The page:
Mike Trout entered the All-Star break in style.
The Los Angeles outfielder had eight hits and nine RBIs as the surging Angels swept a four-game series at Texas. Trout is now hitting .310 with 22 home runs, 73 RBIs and 10 steals, and the Angels have won 19 of 23.
"We're playing good right now, and that's all that matters," Trout said. "We are pitching good and our timely hitting has been awesome. The team chemistry is unbelievable. We all love each other and we all pick each other up."
The Angels are now just 1 1/2 games behind first-place Oakland in the AL West, and Trout has a good chance to play in the postseason for the first time in his young career. This could also be the year he picks up his first MVP award after earning plenty of support in 2012 and 2013.
Miguel Cabrera of Detroit won it both those seasons, but his offensive numbers — while still excellent — have come down out of the stratosphere.
Trout will still have some competition in the American League MVP race. Toronto's Jose Bautista could end up with big numbers if he stays healthy, and Baltimore's Adam Jones and Nelson Cruz have led the Orioles to the top of the AL East — although those two may take votes away from each other.
The fact that the Angels missed the playoffs the last two years worked against Trout in the MVP discussion. Now, Los Angeles has reached the break with the second-best record in baseball.
Here are five other award races to watch in the second half:
NL MVP: As long as he isn't traded to the American League, Colorado's Troy Tulowitzki figures to be a front-runner in this race. His .345 average, 21 home runs and 52 RBIs call to mind Alex Rodriguez in his prime.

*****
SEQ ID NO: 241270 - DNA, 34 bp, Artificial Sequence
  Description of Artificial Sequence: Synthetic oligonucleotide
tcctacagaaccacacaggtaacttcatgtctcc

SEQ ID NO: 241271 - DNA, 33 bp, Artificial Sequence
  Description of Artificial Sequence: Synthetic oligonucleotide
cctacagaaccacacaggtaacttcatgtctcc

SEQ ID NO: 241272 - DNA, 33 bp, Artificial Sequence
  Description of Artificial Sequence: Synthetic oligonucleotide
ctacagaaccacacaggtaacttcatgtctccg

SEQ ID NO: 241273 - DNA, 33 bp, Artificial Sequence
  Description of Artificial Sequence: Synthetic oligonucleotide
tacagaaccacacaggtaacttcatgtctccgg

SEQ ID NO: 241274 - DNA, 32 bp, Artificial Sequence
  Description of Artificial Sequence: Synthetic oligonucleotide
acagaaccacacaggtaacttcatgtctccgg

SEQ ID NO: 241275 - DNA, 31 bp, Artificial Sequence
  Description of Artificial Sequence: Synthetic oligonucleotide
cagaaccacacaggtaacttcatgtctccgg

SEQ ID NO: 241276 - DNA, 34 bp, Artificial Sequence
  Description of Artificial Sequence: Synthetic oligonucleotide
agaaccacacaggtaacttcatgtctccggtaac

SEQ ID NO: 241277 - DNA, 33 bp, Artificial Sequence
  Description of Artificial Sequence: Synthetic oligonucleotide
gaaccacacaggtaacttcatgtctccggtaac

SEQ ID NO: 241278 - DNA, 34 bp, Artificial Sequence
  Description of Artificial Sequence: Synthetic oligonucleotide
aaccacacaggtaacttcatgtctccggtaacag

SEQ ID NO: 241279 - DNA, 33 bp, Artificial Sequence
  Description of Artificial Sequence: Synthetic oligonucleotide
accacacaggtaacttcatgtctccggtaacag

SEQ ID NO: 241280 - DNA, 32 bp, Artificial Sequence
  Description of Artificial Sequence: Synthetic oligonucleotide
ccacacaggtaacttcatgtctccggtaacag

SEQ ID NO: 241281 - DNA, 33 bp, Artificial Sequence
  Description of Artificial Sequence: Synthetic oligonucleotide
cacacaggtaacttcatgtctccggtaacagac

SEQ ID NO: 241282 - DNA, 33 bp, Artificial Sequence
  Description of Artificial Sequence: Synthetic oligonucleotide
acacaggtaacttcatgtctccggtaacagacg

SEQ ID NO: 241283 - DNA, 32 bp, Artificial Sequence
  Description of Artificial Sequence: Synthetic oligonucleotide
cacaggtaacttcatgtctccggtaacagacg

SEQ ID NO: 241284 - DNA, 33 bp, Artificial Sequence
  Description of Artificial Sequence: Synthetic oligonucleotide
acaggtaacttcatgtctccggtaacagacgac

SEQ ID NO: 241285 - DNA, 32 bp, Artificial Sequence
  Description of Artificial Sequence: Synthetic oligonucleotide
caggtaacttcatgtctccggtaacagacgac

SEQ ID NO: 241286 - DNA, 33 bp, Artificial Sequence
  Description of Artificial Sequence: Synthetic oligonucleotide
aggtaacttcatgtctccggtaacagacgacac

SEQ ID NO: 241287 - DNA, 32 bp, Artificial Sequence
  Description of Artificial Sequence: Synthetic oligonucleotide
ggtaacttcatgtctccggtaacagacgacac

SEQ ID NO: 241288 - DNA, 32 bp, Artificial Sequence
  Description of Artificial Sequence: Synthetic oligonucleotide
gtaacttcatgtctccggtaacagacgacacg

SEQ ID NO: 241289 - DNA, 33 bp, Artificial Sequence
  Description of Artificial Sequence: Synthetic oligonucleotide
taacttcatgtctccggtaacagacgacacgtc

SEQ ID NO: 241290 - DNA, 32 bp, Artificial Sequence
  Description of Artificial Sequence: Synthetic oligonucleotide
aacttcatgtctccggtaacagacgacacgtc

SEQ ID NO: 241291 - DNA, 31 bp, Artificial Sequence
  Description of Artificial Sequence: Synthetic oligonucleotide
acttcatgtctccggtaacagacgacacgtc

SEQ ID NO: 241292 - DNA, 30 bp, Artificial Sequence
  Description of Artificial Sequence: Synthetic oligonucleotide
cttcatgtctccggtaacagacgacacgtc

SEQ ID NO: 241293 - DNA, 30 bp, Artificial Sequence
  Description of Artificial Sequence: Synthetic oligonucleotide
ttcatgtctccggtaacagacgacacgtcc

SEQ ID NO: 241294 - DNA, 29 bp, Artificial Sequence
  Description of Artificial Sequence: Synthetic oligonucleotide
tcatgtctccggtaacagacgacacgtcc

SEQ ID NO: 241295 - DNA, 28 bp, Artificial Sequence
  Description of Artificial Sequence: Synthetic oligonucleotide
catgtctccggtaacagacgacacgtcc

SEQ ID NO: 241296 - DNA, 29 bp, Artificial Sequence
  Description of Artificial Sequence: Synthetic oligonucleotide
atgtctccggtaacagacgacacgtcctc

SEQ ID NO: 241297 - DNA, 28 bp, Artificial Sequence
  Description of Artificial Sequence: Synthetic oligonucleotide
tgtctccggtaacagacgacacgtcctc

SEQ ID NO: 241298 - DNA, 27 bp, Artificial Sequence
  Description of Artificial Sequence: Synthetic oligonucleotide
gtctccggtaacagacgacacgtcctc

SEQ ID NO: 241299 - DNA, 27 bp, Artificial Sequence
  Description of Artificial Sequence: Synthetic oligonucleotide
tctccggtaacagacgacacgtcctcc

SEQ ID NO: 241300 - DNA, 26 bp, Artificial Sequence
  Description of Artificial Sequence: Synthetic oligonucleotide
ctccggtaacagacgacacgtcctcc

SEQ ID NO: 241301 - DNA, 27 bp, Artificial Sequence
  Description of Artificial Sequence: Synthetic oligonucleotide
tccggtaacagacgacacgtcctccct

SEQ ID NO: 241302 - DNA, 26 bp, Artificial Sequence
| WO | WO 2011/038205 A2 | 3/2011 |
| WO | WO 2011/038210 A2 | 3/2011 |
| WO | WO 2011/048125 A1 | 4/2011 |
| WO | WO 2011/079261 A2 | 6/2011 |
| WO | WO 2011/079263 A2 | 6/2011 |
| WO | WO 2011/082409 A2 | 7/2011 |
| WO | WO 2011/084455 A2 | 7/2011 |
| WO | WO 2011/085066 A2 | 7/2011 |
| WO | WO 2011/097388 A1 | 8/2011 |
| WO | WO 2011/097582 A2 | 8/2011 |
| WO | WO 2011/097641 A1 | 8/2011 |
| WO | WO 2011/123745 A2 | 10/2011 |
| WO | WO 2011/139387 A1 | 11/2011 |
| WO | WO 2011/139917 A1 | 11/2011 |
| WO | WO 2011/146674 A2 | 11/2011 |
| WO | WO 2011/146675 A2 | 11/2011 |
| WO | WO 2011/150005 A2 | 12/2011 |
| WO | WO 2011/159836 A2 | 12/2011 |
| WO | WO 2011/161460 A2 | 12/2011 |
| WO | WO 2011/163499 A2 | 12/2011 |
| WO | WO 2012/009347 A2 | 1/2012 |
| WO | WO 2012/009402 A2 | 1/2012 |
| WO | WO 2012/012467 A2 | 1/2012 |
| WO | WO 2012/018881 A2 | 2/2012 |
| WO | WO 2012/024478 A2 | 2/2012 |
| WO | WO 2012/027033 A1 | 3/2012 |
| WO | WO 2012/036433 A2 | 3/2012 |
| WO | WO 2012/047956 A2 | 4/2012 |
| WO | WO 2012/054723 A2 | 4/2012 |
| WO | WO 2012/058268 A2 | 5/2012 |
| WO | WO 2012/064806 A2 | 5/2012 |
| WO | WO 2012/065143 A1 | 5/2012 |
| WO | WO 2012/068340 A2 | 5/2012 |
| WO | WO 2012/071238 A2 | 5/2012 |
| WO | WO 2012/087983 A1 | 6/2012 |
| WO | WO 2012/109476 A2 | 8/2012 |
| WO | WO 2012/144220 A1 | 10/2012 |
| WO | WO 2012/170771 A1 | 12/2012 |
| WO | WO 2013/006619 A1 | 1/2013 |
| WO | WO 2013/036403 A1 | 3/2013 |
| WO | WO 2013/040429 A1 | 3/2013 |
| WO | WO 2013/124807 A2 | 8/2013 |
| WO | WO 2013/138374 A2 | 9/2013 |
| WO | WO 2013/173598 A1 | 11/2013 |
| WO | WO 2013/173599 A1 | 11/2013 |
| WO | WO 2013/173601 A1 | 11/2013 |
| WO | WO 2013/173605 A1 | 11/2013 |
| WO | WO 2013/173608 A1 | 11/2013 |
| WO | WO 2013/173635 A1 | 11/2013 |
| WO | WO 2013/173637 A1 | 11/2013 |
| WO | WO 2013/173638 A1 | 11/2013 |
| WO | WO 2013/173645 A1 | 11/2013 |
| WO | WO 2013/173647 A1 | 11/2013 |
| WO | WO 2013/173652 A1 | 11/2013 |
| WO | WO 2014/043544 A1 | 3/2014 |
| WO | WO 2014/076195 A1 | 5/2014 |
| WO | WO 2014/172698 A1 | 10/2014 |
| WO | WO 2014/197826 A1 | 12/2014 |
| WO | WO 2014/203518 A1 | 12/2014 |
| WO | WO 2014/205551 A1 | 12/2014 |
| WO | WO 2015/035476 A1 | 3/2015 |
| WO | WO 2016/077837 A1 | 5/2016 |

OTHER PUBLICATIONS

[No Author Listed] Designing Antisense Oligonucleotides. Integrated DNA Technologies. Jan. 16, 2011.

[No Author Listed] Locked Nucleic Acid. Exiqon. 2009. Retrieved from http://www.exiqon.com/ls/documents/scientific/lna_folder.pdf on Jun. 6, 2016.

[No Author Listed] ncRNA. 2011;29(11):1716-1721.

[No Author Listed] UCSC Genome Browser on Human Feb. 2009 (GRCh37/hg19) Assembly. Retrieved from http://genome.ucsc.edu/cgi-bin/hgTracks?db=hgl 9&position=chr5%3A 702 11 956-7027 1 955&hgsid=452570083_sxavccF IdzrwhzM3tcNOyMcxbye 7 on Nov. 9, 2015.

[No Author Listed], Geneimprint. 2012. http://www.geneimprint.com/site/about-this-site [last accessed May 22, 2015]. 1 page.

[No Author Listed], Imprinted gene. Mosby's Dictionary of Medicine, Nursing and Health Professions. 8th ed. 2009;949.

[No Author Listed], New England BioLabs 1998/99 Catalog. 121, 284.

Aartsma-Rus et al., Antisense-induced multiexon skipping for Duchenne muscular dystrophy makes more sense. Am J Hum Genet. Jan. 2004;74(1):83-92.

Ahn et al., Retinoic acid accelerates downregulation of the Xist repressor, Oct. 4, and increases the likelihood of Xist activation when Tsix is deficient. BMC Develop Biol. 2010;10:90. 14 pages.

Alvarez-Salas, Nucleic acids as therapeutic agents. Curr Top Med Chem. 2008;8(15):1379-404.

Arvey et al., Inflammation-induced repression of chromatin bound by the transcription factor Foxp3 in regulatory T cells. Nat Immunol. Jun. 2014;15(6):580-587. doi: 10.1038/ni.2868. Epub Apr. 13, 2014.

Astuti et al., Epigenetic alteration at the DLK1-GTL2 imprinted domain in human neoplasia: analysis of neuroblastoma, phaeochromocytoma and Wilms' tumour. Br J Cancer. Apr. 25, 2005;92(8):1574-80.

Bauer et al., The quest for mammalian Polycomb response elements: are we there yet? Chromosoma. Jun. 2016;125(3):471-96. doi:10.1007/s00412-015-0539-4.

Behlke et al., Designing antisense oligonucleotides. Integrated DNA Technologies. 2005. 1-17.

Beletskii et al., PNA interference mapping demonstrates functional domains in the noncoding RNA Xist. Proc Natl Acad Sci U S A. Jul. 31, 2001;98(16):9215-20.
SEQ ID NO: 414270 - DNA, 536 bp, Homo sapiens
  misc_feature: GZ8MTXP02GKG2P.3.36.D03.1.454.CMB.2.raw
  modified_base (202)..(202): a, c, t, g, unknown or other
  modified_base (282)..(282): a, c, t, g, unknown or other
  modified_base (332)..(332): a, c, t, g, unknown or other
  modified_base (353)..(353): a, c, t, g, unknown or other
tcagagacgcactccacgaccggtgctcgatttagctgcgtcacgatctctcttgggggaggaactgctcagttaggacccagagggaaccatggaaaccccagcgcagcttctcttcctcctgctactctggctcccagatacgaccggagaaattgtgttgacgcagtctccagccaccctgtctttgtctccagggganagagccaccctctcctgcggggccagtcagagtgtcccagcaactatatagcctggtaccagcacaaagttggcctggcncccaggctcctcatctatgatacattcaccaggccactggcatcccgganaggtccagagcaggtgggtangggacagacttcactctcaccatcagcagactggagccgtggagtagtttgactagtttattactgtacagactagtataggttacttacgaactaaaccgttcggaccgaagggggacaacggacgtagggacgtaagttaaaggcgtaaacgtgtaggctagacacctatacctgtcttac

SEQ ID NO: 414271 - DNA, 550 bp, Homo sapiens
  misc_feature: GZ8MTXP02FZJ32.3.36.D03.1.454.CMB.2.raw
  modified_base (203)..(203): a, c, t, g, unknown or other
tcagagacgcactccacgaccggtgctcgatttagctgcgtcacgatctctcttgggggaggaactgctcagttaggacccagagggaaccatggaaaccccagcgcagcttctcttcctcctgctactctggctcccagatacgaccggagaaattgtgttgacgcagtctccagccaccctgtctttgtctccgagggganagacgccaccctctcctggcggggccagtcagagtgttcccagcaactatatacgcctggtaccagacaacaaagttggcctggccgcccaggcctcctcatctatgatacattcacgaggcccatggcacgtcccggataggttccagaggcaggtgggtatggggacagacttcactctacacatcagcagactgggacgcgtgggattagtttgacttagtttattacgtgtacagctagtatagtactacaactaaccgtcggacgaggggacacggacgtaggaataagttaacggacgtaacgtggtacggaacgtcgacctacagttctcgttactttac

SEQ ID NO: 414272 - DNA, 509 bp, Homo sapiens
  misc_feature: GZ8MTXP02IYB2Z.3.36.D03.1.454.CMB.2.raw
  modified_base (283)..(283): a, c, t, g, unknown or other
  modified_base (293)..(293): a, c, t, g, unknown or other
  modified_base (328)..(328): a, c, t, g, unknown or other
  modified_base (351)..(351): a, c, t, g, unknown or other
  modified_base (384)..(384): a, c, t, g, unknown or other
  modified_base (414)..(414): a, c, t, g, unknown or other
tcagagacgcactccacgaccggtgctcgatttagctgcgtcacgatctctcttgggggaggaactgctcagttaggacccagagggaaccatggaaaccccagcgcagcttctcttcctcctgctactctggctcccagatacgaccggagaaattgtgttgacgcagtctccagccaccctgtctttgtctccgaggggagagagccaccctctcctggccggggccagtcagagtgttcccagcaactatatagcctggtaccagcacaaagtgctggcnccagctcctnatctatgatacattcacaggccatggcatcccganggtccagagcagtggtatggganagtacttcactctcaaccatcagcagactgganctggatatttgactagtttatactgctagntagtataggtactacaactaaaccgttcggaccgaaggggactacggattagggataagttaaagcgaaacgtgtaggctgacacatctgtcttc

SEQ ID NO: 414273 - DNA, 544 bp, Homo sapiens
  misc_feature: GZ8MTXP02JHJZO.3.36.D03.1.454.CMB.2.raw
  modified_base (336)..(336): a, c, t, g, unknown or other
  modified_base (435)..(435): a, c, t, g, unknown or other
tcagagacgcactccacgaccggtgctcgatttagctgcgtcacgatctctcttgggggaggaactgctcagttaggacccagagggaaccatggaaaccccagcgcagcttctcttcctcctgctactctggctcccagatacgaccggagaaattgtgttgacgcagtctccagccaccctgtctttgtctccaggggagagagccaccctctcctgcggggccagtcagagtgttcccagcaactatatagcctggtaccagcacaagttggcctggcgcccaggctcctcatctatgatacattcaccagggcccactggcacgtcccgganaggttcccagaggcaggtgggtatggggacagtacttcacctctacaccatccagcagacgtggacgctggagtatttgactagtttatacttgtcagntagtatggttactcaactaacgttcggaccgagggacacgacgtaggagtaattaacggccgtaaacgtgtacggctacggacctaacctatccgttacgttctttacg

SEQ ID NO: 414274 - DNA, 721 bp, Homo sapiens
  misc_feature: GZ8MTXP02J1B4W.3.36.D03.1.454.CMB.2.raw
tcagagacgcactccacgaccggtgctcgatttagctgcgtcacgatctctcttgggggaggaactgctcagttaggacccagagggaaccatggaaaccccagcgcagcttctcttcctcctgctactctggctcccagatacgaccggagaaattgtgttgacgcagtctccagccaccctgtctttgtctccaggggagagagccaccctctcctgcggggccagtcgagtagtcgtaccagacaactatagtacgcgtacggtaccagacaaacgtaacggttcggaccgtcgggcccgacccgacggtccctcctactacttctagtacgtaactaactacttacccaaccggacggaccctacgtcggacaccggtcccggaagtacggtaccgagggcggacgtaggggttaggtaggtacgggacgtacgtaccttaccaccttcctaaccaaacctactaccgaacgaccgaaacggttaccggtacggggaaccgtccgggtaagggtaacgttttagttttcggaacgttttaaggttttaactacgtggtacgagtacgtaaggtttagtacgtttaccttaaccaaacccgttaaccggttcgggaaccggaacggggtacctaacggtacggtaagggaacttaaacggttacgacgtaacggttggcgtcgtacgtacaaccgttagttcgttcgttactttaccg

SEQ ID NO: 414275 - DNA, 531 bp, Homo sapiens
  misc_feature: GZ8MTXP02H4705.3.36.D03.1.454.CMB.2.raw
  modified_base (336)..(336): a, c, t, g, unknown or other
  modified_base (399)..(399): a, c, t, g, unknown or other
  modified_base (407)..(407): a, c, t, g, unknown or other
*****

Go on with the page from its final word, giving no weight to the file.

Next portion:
If the Rockies' poor record costs Tulowitzki, look for Milwaukee catcher Jonathan Lucroy to emerge as one of the more out-of-nowhere MVP candidates in recent memory. Giancarlo Stanton of Miami is another possibility.
The trio of star pitchers in the National League — Clayton Kershaw of Los Angeles, Adam Wainwright of St. Louis and Johnny Cueto of Cincinnati — may have cases as well. More on them later .
AL CY YOUNG: Felix Hernandez of Seattle looks like the clear favorite here after the injury to New York's Masahiro Tanaka. Yu Darvish of Texas and Chris Sale of Chicago could also end up in the mix, and if you're looking for a longshot, how about Scott Kazmir of Oakland? The 30-year-old left-hander is 11-3 with a 2.38 ERA.
NL CY YOUNG: Kershaw missed over a month with an injury, and it almost doesn't matter. With a 1.78 ERA at the break — and a strikeout-to-walk ratio of 126 to 13 — the Los Angeles lefty has set the bar awfully high for the rest of the league.
But Wainwright (12-4 with a 1.83 ERA) and Cueto (10-6, 2.13) are right there with Kershaw.
AL ROOKIE OF THE YEAR: Tanaka's injury also affects this race, giving Chicago slugger Jose Abreu the inside track. Kansas City right-hander Yordano Ventura and Houston outfielder George Springer could still make it interesting.
NL ROOKIE OF THE YEAR: Cincinnati's Billy Hamilton is hitting just well enough to put his speed to good use on the bases, and shortstop Chris Owings has been a mild bright spot amid a terrible season in Arizona.
Right-hander Jesse Hahn is off to a fine start in San Diego, and after a late start, Pittsburgh outfielder Gregory Polanco has already shown he can get on base.
STAT OF THE WEEK
Tulowitzki brings a major league-leading OPS of 1.048 into the All-Star break. According to STATS, only four shortstops have finished a season over 1.000 since 1900: Rodriguez, Honus Wagner, Arky Vaughan and Nomar Garciaparra.